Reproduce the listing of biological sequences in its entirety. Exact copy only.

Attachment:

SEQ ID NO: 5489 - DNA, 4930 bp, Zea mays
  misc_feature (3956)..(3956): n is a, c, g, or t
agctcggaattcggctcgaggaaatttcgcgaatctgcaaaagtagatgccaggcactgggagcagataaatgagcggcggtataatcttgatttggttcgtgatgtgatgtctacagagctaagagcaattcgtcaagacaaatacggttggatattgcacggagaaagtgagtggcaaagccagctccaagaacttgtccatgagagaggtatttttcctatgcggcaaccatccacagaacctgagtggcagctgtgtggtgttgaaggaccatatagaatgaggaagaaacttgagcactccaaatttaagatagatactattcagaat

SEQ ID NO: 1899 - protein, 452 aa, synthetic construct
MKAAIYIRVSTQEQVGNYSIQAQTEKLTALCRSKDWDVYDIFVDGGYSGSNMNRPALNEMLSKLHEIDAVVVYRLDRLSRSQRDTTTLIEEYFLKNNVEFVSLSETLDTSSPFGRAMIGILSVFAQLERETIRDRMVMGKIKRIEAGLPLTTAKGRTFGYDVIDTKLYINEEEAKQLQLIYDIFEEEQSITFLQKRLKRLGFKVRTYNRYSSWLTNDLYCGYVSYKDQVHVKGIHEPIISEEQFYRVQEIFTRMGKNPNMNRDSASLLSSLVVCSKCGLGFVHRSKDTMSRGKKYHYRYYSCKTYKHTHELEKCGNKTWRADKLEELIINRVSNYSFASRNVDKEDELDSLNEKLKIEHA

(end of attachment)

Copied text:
SEQ ID NO: 5489 - DNA, 4930 bp, Zea mays
  misc_feature (3956)..(3956): n is a, c, g, or t
agctcggaattcggctcgaggaaatttcgcgaatctgcaaaagtagatgccaggcactgggagcagataaatgagcggcggtataatcttgatttggttcgtgatgtgatgtctacagagctaagagcaattcgtcaagacaaatacggttggatattgcacggagaaagtgagtggcaaagccagctccaagaacttgtccatgagagaggtatttttcctatgcggcaaccatccacagaacctgagtggcagctgtgtggtgttgaaggaccatatagaatgaggaagaaacttgagcactccaaatttaagatagatactattcagaat

SEQ ID NO: 1899 - protein, 452 aa, synthetic construct
MKAAIYIRVSTQEQVGNYSIQAQTEKLTALCRSKDWDVYDIFVDGGYSGSNMNRPALNEMLSKLHEIDAVVVYRLDRLSRSQRDTTTLIEEYFLKNNVEFVSLSETLDTSSPFGRAMIGILSVFAQLERETIRDRMVMGKIKRIEAGLPLTTAKGRTFGYDVIDTKLYINEEEAKQLQLIYDIFEEEQSITFLQKRLKRLGFKVRTYNRYSSWLTNDLYCGYVSYKDQVHVKGIHEPIISEEQFYRVQEIFTRMGKNPNMNRDSASLLSSLVVCSKCGLGFVHRSKDTMSRGKKYHYRYYSCKTYKHTHELEKCGNKTWRADKLEELIINRVSNYSFASRNVDKEDELDSLNEKLKIEHA